Ah, crud.  That last balloon finally busted the bleep button!  Hope we don’t need it again…  I have to say, Mother’s Milk is my favorite character in the book, acting as a sounding board and philosophical viewpoint on everything.  He’s the kind of cool character that you can actually believe existed, somewhere in the world.  Sometime later, Butcher and Hughie follow up the lead that Paul gave them, traveling to Westchester.  Hughie comments on how bad the comics about the hero are, mentioning how “they have him as this dark, driven avengin’ fella, but they always pull their punches.”  I’m the #$&$@ Teknight, and I just pierced your left testicle!  Heh.  Butcher points out that, in all his time doing this job, Teknight is the only one of the “big boys” that was never on their radar, that he was always boring.  Teknight hears a knock at the door, and at first can’t figure out why his manservant isn’t answering, then rushes to get out of his suit (stashing it less-than-successfully under a rug in the hallway) before rushing to greet his guests…


This ought to be interesting…  Garth Ennis is bound and determined to outdo the most outrageous aspects of his previous work (and given how far Preacher pushed the envelope, that’ll be a fascinating ride) but the most intriguing part of this storyline is the humanity of the characters.  Far from being a two-dimensional jerk, Teknight KNOWS that something is wrong, even tries to seek help for his “condition” and his confusion makes him sympathetic.  The book deals with homophobia in a very real way, admitting that even Hughie, a character we like can be freaked out by it.  Wee Hughie’s initiation into the strange shadow world of Butcher is engrossing as heck, and even though the point of the book is that superheroes aren’t perfect (and that some of them are right bastids) there’s an obvious love for parts of the genre and for a good adventure story.

Darick Robertson’s art is note perfect, with the main characters feeling like people you might meet if you went to the right bar (or the wrong barfight) and Ellis makes even the most outrageous parts of the narrative feel very real and VERY wrong.  Jettisoned by Wildstorm for it’s content (the first arc had a series of scenes in which a very JLA-like team engaged in some very NOT-JLA-like behaviors) I’m glad to see that The Boys didn’t get stuck in limbo.  It’s a book to watch (assuming you’re of age and don’t mind the use of adult language and situations) and a fun read, as if 90’s-era Image and Vertigo comics were compressed into one universe.  This particular issue, in large part prologue and exposition, still ranks a well-earned 4 motha$&@ing stars out of 5.


The Author

Matthew Peterson

Matthew Peterson

Once upon a time, there was a young nerd from the Midwest, who loved Matter-Eater Lad and the McKenzie Brothers... If pop culture were a maze, Matthew would be the Minotaur at its center. Were it a mall, he'd be the Food Court. Were it a parking lot, he’d be the distant Cart Corral where the weird kids gather to smoke, but that’s not important right now... Matthew enjoys body surfing (so long as the bodies are fresh), writing in the third person, and dark-eyed women. Amongst his weaponry are such diverse elements as: Fear! Surprise! Ruthless efficiency! An almost fanatical devotion to pop culture!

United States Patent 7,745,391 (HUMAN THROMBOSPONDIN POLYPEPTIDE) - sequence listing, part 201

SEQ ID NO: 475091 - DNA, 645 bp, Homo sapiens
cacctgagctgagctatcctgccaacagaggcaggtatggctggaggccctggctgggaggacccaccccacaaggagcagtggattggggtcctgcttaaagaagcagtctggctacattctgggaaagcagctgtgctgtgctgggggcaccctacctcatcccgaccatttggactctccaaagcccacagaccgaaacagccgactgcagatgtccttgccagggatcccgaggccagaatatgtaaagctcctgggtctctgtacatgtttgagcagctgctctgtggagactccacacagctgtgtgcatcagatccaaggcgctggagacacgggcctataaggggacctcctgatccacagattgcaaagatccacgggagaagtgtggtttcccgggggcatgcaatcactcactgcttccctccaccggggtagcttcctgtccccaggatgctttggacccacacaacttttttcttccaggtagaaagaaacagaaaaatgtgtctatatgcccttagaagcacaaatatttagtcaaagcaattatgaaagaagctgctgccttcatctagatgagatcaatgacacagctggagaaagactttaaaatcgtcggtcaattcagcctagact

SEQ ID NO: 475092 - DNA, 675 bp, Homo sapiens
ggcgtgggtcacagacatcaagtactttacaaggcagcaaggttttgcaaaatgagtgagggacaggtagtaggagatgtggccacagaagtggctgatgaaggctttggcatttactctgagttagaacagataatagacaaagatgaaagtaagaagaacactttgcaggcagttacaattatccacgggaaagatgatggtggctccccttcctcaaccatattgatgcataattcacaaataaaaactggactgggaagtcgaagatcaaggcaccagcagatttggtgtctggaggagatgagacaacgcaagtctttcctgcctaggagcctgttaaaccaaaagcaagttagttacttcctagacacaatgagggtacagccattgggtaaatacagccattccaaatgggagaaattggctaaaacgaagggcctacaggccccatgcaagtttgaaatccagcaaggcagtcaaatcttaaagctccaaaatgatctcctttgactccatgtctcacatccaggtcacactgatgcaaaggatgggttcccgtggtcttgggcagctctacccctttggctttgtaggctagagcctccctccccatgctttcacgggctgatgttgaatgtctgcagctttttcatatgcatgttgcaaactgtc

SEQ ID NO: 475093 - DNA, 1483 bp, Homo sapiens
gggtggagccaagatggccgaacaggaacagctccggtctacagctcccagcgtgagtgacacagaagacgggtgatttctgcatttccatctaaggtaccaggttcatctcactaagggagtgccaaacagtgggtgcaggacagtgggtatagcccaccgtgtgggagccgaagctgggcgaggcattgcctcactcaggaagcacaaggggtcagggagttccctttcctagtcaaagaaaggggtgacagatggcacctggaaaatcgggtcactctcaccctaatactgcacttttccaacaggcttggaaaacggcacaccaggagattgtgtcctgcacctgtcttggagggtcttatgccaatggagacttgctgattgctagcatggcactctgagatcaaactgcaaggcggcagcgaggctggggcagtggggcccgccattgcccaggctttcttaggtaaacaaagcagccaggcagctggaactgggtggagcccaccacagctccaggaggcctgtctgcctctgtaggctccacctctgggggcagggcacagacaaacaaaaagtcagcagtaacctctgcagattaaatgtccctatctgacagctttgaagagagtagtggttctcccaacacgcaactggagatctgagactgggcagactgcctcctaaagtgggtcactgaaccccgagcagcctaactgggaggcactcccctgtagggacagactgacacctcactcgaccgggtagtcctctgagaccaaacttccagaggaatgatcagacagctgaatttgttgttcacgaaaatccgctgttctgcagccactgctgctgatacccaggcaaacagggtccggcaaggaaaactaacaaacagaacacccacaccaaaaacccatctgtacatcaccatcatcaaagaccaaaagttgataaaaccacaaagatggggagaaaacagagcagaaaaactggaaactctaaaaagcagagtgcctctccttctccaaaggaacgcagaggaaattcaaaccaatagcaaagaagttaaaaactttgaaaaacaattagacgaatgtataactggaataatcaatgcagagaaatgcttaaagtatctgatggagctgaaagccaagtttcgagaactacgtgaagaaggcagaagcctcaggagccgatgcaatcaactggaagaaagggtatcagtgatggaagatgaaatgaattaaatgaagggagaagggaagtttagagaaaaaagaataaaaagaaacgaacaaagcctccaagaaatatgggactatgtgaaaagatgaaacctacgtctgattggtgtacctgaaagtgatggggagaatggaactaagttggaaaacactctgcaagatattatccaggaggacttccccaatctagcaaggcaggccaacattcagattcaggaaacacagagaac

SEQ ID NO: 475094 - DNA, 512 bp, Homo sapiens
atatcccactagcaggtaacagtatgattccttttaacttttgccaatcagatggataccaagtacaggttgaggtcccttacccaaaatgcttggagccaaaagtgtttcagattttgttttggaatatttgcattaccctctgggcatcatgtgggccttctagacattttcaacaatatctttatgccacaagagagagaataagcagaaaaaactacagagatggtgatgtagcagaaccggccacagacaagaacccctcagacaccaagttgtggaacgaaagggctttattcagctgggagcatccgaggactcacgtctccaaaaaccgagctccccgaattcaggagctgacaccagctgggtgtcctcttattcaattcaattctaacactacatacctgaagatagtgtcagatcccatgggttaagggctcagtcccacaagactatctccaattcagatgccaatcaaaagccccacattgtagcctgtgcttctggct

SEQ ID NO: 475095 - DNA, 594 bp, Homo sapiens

And a nice red uniform.

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  1. Mark I.
    July 3, 2007 at 2:16 pm — Reply

    Based purely on this review, I just ordered the first trade of “The Boys” 1-6 from Amazon. Thanks for essentially sticking this book in front of my face…never would have bothered with it otherwise.

  2. Stephen
    July 3, 2007 at 2:40 pm — Reply

    don’t worry about censoring anything… as long as the warning is there before the jump, we’re good :D – have you seen some of the image sneaks lately? ;)

  3. July 3, 2007 at 2:53 pm — Reply

    don’t worry about censoring anything… as long as the warning is there before the jump, we’re good :D – have you seen some of the image sneaks lately? ;)

    Yeah, but I’m essentially a worried old lady when it comes to that sorta thing. :) Besides, it’s kind of fun putting in the bleeps. Sort of like a four-letter crossword puzzle…

  4. July 3, 2007 at 2:55 pm — Reply

    Based purely on this review, I just ordered the first trade of “The Boys” 1-6 from Amazon. Thanks for essentially sticking this book in front of my face…never would have bothered with it otherwise.

    Happy to be of service. The Boys reminds me of the jokes of George Carlin, in a way. Some people think it’s cool for the cursewords and sexual situations, some people call it trash for the same reason, but once you get past all that surface, there’s a hell of a lot that makes you think…

  5. Mark I.
    July 3, 2007 at 3:11 pm — Reply

    Instead of bleeps, it might be funny to shoehorn some sort of standard alternate word into place.

    Instead of “motherf*****,” you could, for instance use “daffodil.” Instead of “a**hole,” you could say “nostril.”

    I dunno, just throwing that out there, daffodil.

  6. Brent F.
    July 3, 2007 at 5:05 pm — Reply

    I enjoy the brutality of this series. It is certainly a very unique depiction of super powers being placed in the wrong hands.